OWC’s Upgrade for Apple 2013 iMac 27” Expands Memory To 32GB

PR_iMac2012_32GBmemoryOther World Computing  announced the immediate availability of the OWC Memory Upgrade Kits from 8GB to 32GB for 2013 iMac 27” models that became available today. OWC’s kits offer memory configurations not offered by the factory as well as savings of more than $240 compared to same-size factory options. Like all OWC Memory Upgrade Kits, a ‘how-to’ install video and OWC Lifetime warranty are included.

What it does: upgrading the memory of this iMac gives you more options, better performance and it’s a low-cost improvement that gives Apple’s latest OSX—including the upcoming Mavericks release—the space it needs for maximum performance. For hundreds less than what Apple charges, users can select an OWC upgrade to unlock the machine’s true potential. Installation takes just a few minutes, and OWCs iMac Memory Upgrade Guide makes it easy to select the right memory for any Apple iMac model.

Why it’s cool: this is one of easiest Macs to upgrade and, just like the original 2012 model, a memory access panel on the rear of the 2013 model iMac 27” provides access to the RAM slots. Adding more memory is fast and simply involves installing new modules into the memory slots, then reinstalling the access panel. Therefore, Mac performance experts recommend selecting the least amount of factory installed RAM when ordering an Apple 27″ iMac.

What it costs: New iMac owners seeking to max-out the RAM can select the $359.00 32GB OWC memory upgrade and save over $240 compared to the 32GB factory cost of $600. For even more savings, iMac owners can trade-in the two factory base 4GB memory modules.

OWC memory upgrades for Apple 2013 iMac 27” 2.9GHz/3.2GHz i5 Models and 3.4GHz i7 Model:

  • 8GB (2 x 4GB) PC3-12800 DDR3L 1600MHz Upgrade Kit with Lifetime Warranty. $97.99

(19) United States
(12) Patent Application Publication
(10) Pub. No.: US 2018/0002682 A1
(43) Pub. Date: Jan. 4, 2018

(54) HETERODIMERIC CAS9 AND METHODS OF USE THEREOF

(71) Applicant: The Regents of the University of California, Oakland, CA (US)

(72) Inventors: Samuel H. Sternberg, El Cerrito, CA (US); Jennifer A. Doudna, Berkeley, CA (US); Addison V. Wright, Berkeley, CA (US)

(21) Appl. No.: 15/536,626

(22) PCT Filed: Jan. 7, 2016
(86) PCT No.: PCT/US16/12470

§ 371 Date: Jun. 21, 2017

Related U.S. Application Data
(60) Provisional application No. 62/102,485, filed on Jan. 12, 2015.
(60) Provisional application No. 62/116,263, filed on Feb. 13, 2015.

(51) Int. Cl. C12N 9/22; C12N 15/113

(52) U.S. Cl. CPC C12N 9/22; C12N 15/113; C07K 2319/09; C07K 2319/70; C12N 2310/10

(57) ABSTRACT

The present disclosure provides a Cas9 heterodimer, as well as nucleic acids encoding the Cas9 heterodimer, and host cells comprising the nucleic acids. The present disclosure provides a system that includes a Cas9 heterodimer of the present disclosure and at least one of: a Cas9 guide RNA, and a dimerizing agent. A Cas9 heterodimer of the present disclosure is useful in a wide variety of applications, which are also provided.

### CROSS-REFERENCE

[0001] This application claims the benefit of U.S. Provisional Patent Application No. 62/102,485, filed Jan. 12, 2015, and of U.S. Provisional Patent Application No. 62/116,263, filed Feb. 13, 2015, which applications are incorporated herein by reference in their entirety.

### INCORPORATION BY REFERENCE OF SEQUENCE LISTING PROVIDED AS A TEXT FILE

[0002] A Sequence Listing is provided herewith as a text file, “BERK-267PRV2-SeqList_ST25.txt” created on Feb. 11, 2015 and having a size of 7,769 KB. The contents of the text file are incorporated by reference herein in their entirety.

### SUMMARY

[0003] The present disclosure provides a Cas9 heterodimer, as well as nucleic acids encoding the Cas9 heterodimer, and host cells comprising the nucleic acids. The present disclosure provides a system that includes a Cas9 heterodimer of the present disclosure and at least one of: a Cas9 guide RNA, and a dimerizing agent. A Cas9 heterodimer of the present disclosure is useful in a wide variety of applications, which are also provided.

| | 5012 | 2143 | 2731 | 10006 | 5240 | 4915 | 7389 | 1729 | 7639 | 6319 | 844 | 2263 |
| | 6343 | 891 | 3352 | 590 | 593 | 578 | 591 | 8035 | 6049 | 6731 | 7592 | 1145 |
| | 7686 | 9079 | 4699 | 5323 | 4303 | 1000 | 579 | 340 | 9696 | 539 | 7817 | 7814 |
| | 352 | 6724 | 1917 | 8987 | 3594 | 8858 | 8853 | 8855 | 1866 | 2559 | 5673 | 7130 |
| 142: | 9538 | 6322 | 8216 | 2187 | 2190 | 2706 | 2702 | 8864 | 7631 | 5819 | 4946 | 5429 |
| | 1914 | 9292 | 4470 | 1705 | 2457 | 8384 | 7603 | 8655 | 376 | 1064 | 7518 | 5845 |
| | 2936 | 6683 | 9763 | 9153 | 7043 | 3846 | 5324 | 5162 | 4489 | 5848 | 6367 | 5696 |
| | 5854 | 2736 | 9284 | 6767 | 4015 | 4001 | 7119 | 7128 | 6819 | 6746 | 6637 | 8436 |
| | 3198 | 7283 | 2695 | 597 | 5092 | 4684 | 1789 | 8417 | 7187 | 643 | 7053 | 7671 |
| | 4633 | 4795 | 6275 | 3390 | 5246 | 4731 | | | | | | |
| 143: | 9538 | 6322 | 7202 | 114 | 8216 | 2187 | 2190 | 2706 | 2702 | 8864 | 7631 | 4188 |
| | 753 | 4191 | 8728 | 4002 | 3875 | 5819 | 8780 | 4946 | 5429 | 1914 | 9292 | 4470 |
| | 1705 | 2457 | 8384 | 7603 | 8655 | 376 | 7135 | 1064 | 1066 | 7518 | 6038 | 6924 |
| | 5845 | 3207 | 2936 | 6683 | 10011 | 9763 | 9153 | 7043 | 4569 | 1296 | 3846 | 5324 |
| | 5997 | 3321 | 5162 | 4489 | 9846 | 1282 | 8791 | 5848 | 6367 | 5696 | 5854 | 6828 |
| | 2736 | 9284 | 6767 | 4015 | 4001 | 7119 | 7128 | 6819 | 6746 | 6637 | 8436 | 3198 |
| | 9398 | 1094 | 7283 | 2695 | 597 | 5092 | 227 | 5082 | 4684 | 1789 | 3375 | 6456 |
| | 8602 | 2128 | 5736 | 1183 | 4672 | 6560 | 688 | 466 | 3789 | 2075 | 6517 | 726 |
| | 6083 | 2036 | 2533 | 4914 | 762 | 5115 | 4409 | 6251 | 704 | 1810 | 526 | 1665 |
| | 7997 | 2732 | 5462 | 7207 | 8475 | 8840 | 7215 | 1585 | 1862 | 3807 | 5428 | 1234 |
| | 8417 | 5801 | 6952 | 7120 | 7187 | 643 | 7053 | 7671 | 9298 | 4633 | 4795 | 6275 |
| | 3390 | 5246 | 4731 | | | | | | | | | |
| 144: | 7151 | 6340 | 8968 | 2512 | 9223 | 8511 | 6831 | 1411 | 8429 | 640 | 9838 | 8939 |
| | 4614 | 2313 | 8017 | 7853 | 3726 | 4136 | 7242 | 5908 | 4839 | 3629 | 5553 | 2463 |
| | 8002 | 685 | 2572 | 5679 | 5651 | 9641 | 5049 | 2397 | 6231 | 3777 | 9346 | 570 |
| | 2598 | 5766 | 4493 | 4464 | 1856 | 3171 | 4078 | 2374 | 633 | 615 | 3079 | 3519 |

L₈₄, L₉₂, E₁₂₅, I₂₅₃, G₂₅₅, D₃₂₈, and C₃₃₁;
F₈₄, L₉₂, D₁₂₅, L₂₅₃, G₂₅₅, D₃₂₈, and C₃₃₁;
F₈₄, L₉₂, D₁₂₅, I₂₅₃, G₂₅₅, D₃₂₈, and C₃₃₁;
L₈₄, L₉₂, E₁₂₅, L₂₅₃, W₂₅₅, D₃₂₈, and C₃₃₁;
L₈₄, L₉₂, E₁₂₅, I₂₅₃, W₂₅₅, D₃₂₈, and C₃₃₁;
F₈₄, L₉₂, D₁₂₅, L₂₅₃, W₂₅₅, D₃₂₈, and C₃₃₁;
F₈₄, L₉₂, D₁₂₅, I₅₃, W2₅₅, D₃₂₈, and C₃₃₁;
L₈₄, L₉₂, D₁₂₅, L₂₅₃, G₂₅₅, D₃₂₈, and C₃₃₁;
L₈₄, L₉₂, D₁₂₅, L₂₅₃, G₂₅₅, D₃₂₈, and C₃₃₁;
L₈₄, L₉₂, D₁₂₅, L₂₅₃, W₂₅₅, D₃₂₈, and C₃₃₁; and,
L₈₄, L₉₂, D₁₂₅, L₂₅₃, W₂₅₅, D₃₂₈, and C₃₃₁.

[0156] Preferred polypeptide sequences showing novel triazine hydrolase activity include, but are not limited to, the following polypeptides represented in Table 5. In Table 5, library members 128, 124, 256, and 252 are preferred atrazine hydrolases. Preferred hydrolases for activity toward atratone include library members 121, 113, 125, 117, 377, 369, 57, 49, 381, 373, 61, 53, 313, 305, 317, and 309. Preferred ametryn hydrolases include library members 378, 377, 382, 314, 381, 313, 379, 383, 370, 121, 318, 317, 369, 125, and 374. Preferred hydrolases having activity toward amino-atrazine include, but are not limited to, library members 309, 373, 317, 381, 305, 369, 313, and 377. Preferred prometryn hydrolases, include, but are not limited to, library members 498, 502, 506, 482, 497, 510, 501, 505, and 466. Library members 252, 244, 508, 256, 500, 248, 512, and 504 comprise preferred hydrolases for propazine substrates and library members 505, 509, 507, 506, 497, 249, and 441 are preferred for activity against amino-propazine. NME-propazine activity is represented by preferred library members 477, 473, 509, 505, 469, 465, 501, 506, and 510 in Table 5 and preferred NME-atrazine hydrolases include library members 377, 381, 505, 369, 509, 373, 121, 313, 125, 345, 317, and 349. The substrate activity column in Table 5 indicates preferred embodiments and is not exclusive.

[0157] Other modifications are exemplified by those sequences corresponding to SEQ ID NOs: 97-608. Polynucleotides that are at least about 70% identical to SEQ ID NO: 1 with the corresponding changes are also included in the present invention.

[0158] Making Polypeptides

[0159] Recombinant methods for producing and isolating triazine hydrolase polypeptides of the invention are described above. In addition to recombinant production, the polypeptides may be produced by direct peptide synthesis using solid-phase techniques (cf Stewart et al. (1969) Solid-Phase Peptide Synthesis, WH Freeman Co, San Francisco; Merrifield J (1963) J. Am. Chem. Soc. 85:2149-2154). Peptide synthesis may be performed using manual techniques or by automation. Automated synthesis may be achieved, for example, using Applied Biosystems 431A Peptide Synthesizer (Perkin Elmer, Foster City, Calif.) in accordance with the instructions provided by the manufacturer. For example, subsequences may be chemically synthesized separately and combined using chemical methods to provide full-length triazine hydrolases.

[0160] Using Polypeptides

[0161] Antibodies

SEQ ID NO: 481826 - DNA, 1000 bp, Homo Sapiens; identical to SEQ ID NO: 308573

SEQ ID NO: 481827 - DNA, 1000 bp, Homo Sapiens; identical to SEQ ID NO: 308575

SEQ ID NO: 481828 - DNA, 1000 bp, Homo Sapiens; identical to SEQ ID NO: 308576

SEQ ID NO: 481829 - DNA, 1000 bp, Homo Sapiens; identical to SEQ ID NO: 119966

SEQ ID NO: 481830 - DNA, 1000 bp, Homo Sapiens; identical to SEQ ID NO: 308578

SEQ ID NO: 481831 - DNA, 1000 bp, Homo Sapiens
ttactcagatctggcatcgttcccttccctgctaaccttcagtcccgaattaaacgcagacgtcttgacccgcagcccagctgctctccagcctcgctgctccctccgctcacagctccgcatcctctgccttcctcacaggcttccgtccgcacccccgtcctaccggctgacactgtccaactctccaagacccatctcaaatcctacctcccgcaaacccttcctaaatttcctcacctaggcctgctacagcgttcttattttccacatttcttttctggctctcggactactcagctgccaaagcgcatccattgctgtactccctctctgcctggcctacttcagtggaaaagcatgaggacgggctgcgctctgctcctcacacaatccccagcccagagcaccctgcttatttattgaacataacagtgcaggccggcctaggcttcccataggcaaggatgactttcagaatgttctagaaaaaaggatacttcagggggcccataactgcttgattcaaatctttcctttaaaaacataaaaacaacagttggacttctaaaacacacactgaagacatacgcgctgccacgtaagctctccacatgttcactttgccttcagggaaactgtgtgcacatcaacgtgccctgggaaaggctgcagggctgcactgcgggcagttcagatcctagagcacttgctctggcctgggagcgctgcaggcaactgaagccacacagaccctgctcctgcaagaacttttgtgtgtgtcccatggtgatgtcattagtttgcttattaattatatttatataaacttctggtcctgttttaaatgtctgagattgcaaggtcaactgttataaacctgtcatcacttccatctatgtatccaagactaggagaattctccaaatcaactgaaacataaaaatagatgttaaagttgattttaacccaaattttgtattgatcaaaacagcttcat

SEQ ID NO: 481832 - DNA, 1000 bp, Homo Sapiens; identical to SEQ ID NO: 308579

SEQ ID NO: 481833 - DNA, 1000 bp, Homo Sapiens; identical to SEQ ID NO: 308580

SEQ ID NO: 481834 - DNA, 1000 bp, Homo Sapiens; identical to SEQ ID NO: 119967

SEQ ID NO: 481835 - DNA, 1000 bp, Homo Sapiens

Add to existing 2 x 4GB factory-installed modules for 16GB total memory. Offers over 50 percent savings vs. factory installed 16GB option.

  • 12GB (4GB + 8GB) PC3-12800 DDR3L 1600MHz Upgrade Kit with Lifetime Warranty. $131.99

Add to existing 2 x 4GB factory-installed modules for 20GB total memory. Note: this is not available as a factory-installed option from Apple.

  • 16GB (2 x 8GB) PC3-12800 DDR3L 1600MHz Upgrade Kit with Lifetime Warranty. $179.99

Add to existing 2 x 4GB factory-installed modules for 24GB total memory. Offers over 50 percent more memory and 10 percent savings vs. factory-installed 16GB option.

  • 32GB (4 x 8GB) PC3-12800 DDR3L 1600MHz Upgrade Kit with Lifetime Warranty. $359.00

A 40 percent savings vs. factory-installed option.


  • does anyone know if the 21.5″ late-2013 iMac be upgraded to 32Gb with two 16Gb DIMMS? please let me know…thank you!

  • Has anyone installed 32GB upgrade in New late 2013 3.5 Ghz I7 IMAC? Working fine with no problems? For more than a few days? I am anxious to upgrade as soon as I can confirm compatibility. Thanks!

    • Shipped thousands of the 1600MHz kits for the new 2013 iMacs and we only ship what works – we actually test and maintain these systems in house for ongoing certification too. Outside of Apple I do not believe anyone has the kind of test lab facilities we do with respect to the both the variety and quantity of Macs we maintain for this ongoing quality and certification process. :)

  • Hi,

    Suppose I purchase one of the new 27″ iMacs (just released in Sept 2013) with 8 GB of RAM (2 x 4GB). If I purchase your 16GB upgrade kit (2 x 8GB) to upgrade to 24GB total, will there be any issues?

    This would to a config something like:

    Slot1 4 GB
    Slot2 4GB
    Slot3 8 GB
    Slot4 8 GB

    I remember reading something some time ago that if the size of the RAM modules in all slots wasn’t the same, the memory bus had to slow down a lot to handle it for some reason. So you’d have more memory but it would be faster. Thus was a good idea to always have the same size memory module in each slot.

    Is this still true or is this old or not applicable to iMacs? Not sure if it was the cpu or the motherboard that imposed this limitation but I just thought that I’d check.


    • In general, there is a benefit to dual- or triple- channel memory addressing as found on many modern machines. However, we’ve benchmarked it, and in every instance having more memory overall is better than having the same amount in each slot.
      The only exception to this is the earlier Mac Pro models where matched pairs is a requirement.

  • A lot changed with the 2012 model… a lot that was form over function imho… But also some core hardware changes as independent of that. We will soon have at least one internal upgrade support element for these 2012 and 2013 models… and that should just be the beginning. If Apple actually wanted these units to be upgradeable – be a much shorter dev cycle. :)

  • Any hope of OWC storage upgrades for the ’13 or even ’12 iMacs? A turnkey option to upgrade the included drive and add an OWC PCIe SSD drive would be great. But we haven’t seen anything even for the 2012 model.